Greater Worker Connectivity Brings Tradeoffs
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A new study on workplace Internet use reports employees are more reliant on online access and more likely to bring work home -- the latter likely coming as welcome news to employers. The downside, however, is that the increased flexibility is increasing employee stress and extending work hours past productive levels.
The Pew Internet and American Life Project's "Networked Workers" survey released Wednesday reported that 62 percent of employees are now 'networked,' with workers using both email and Internet access at work, and that 56 percent of such employees conduct some work at home. The biggest 'online' employee group are those working for government agencies, with 72 percent reporting they use the Internet several times a day.
While 80 percent polled say information and communications technology (ICT) are improving their ability to do their jobs, and 73 percent cite ICT as improving job collaboration, 46 percent say it's extending work hours and 49 percent said its increasing job stress levels.
Nearly half (49 percent of those polled) said technology makes it harder than ever to disconnect from work once the workday ends.
The study, conducted for the Pew Research Center by Princeton Survey Research, polled 2,134 adults on online activities at work and home, as well as mobile device use.
"It's a whole new landscape in terms of email use compared to a few years ago, and I am struck by the tradeoffs all the connectivity is bringing into play," Mary Madden, senior research specialist at the Pew Research Center, told InternetNews.com. "There's increased flexibility and better collaboration, but people are more tethered to work and we're seeing some negative effects," said Madden.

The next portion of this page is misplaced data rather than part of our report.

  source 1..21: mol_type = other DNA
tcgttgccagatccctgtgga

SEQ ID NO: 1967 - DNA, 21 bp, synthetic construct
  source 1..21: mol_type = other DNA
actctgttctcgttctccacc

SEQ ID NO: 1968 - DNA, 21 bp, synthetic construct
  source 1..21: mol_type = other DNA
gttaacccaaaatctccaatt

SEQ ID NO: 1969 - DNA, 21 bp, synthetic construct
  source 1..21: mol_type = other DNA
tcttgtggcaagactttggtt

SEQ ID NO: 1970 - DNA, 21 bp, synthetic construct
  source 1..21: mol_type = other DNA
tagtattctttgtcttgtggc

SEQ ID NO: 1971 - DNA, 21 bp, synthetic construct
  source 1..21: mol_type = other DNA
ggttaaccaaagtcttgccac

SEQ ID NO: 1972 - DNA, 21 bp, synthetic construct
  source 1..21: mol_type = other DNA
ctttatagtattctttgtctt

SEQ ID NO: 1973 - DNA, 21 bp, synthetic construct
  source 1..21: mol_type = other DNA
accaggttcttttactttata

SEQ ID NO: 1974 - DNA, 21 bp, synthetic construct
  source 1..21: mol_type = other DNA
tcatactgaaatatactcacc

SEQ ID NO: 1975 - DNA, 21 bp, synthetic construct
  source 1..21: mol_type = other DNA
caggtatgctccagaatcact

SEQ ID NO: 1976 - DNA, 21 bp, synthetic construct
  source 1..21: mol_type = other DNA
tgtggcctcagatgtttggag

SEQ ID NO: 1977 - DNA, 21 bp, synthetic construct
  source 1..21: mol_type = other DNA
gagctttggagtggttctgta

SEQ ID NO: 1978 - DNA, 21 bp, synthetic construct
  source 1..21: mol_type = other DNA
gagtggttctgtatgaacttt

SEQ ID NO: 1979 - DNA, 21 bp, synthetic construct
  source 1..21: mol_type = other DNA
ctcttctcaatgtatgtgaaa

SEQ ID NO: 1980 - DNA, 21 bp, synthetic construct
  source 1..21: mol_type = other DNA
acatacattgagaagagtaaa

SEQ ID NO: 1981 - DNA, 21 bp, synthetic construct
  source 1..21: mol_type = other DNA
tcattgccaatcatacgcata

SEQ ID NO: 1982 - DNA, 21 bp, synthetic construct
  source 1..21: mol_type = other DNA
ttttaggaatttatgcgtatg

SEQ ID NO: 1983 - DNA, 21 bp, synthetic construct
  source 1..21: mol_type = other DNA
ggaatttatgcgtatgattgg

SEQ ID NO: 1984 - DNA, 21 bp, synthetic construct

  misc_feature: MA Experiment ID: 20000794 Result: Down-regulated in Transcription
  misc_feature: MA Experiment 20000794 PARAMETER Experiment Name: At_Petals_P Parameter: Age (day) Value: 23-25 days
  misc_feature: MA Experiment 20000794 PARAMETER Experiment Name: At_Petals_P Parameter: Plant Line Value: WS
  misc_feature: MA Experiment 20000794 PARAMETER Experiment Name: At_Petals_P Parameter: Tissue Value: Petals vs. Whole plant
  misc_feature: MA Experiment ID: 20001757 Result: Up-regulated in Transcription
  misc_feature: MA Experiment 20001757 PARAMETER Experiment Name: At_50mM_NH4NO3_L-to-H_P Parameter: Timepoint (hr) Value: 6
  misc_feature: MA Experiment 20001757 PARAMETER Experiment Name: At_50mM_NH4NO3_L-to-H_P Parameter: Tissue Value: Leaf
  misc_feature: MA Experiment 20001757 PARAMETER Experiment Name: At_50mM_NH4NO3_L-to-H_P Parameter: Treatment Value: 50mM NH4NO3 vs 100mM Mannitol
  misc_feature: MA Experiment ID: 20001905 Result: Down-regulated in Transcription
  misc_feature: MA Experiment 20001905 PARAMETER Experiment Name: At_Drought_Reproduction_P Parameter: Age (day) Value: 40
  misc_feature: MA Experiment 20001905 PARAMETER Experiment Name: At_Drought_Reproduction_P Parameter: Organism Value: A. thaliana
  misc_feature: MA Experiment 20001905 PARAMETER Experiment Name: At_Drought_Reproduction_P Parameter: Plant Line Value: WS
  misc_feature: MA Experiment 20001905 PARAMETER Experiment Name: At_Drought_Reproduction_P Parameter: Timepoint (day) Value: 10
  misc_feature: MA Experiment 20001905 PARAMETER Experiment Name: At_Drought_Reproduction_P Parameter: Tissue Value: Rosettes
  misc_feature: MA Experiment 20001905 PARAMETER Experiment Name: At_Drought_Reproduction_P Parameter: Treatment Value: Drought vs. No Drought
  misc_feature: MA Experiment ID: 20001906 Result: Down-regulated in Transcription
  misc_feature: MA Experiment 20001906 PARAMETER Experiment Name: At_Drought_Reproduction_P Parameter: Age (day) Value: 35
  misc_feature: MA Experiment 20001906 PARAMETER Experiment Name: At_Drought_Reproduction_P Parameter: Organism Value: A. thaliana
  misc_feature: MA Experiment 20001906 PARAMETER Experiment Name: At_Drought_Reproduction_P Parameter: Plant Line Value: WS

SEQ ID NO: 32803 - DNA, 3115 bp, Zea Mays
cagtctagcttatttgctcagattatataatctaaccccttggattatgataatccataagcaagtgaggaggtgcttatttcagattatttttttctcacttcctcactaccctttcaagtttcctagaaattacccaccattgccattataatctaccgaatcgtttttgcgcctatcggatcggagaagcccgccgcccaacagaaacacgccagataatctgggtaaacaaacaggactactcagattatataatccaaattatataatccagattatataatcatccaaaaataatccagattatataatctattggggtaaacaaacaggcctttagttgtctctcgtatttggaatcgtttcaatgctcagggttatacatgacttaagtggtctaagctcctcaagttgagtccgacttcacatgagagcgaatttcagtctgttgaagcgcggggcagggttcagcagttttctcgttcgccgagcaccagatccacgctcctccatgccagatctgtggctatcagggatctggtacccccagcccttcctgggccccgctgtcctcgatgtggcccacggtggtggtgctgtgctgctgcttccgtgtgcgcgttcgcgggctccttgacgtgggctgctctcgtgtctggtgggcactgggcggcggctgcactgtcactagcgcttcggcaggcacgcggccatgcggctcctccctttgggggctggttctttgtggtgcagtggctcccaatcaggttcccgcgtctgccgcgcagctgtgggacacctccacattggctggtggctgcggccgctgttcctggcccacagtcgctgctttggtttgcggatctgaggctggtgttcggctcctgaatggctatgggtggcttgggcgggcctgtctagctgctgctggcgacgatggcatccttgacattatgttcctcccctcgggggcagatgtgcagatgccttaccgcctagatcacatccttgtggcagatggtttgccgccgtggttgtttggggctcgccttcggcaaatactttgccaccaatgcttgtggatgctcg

The increasing stress levels and longer workdays are even higher among employees using mobile devices on the job. Of those who own BlackBerries, and other personal digital assistants, 63 percent said the devices have created a longer workday.
The study states that Half of "networked" employees check work email at least once during a weekend, and 22 percent admit to checking work email often during off time, compared to 16 percent of employees polled in 2002.
Workers are more compelled to check email even when ill, with 46 percent reporting email check-in on sick days and 34 percent admitting to checking email while on vacation days.
"That represents another big shift as people are more likely to work outside of work and working while sick is quite common," said Madden, adding that such trends may be prompting employers to review work day requirements.
"Employers have to give employees a clear expectation of what is reasonable in terms of doing work away from work," said Madden. While many employees like having technology to stay on top of work tasks, that flexibility requires maintaining some boundaries, she added.